The General Practice of Physic: Extracted Chiefly from the Writings of the Most Celebrated Practical Physicians, and the Medical Essays, Transactions, Journals, and Literary Correspondence of the Learned Societies in Europe : to which is Prefixed, an Introduction, Containing the Distinction of Similar Diseases, the Use of the Non-naturals, an Account of the Pulse, the Consent of the Nervous Parts, and a Sketch of the Animal Œconomy, Volume 2

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J. Newbery, 1765 - Medicine
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Page 156 - This generally will cure, but, if the Patient finds no Relief in an Hour after, you may give another spoonful, which never fails. If the Roots are dried, they must be moistened with a little Water.
Page 160 - Hoare-hound, fresh or dried, three Ounces; boil them together in two Quarts of Water to one Quart, and strain it; of this Decoction let the Patient take one third Part three Mornings fasting successively, from which if he finds any Relief, it must be continued till he is perfectly recovered. On the Contrary, if he finds no Alteration after the third Dose...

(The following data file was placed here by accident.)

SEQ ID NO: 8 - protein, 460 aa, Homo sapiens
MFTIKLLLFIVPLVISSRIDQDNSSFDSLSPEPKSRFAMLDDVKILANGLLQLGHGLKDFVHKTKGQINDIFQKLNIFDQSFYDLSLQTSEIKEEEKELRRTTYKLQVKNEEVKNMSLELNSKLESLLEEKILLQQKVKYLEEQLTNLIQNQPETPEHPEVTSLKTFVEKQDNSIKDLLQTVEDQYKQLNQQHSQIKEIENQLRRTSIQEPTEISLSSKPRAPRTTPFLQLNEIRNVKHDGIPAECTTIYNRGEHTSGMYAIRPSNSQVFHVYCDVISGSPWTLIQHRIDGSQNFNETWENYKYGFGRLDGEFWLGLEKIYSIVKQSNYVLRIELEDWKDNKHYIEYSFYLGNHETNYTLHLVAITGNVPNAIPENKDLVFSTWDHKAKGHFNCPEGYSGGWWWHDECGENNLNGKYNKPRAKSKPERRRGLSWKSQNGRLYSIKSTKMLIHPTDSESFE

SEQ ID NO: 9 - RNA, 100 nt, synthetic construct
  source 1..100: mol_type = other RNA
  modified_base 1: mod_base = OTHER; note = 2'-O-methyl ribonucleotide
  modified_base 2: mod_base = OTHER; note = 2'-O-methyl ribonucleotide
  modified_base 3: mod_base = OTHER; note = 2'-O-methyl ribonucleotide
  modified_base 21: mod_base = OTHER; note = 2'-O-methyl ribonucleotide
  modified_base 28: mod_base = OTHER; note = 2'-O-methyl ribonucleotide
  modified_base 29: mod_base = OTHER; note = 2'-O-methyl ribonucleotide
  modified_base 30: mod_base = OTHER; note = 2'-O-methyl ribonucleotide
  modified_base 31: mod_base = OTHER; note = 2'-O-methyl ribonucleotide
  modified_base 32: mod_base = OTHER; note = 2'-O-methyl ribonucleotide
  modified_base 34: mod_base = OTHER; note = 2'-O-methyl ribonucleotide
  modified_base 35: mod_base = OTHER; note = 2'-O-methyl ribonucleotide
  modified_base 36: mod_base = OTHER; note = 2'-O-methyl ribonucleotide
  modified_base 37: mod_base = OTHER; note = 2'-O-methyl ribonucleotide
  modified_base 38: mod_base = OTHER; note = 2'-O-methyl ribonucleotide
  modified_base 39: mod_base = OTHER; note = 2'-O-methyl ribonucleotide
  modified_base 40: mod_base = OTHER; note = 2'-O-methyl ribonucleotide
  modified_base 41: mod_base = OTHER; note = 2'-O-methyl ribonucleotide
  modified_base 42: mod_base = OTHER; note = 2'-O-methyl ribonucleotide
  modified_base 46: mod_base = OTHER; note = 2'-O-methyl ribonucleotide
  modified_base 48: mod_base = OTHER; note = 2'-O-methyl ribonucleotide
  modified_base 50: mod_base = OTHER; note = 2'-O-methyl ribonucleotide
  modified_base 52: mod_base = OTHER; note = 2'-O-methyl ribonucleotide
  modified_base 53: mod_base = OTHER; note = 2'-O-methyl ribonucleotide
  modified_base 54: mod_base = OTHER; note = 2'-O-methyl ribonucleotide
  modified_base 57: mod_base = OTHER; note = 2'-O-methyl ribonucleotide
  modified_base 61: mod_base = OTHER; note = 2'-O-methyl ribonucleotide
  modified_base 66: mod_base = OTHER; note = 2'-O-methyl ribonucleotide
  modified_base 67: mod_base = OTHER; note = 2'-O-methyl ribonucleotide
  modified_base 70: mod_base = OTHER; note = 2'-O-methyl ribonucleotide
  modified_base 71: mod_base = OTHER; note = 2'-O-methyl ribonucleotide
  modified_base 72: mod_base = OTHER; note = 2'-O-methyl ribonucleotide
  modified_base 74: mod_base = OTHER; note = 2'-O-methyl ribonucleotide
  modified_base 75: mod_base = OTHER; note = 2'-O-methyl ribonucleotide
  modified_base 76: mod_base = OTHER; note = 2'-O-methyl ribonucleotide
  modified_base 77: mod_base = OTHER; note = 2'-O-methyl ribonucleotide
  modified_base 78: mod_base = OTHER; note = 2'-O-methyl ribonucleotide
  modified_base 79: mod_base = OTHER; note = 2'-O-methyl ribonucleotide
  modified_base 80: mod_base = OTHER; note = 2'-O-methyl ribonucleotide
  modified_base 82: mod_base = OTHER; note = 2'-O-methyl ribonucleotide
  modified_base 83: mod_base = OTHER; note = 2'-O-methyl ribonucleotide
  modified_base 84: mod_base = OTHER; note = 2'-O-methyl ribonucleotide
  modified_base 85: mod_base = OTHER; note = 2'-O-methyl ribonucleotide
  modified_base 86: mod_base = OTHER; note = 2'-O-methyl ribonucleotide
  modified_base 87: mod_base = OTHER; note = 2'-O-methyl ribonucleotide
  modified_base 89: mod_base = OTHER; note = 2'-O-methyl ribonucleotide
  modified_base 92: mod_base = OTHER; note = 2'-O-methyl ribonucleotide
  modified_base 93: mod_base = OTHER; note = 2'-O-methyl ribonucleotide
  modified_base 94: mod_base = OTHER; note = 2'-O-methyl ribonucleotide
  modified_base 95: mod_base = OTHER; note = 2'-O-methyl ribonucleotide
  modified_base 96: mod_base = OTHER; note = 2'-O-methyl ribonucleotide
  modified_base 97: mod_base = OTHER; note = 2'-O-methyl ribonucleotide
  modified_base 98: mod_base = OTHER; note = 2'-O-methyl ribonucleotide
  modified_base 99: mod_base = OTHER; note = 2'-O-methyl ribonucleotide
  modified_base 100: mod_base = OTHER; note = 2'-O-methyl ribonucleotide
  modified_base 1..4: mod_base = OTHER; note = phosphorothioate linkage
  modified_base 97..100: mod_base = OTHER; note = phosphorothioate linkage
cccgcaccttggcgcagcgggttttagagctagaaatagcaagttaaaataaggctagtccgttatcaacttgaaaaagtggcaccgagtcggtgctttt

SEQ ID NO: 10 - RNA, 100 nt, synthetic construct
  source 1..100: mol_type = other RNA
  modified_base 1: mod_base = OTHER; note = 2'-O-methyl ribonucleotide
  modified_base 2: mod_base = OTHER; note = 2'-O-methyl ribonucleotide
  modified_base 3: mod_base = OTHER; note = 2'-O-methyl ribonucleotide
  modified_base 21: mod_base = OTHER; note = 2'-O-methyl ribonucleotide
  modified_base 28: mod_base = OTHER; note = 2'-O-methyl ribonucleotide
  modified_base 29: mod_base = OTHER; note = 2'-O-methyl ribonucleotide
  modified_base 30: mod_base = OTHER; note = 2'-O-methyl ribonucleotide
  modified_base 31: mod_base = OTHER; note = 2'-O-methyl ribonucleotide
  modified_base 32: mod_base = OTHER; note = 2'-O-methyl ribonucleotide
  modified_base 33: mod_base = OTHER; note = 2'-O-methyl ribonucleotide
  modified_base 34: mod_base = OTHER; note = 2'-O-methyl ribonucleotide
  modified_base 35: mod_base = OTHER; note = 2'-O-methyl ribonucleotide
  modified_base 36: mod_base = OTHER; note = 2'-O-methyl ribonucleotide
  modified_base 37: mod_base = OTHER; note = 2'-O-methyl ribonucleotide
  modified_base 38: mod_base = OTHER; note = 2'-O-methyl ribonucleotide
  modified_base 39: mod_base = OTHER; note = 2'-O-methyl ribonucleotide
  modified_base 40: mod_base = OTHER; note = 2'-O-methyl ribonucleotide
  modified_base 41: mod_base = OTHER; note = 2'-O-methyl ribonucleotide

Page 160 - ... and inclination to vomit, profuse sweats (which prove always serviceable), slimy stools, both when costive and loose, the face of a pale and yellow colour...
Page 160 - Pain of the Breaft, Difficulty of Breathing, a Load at the Pit of the Stomach, an irregular Pulfe, burning and violent Pains of the Vifcera above and below the...
Page 161 - Take of the roots of goldenrod, six ounces or in summer, two large handfuls of the roots and branches together, and boil them in two quarts of water to one quart, to which also may be added, a little...
Page 45 - ... perfon, muft be more numerous, and confequently have greater force and activity in proportion to their diftance. ' Some perfons are of opinion, that the air muft be infected, and that it is the principal caufe of thefe plagues; whereas I prefume, that the ambient air is not otherwife concerned, than as the vehicle, which conveys the venemous particles...
Page 73 - ... thinner and more serous secretion taking place from the mucous membrane beneath it, which loosens and displaces it. The extent of the exudation, as indicated by the surface covered, is perhaps the most interesting and practically useful part of the pathology of the disease. The place first and most particularly affected is the upper part of the trachea, about an inch below the glottis.

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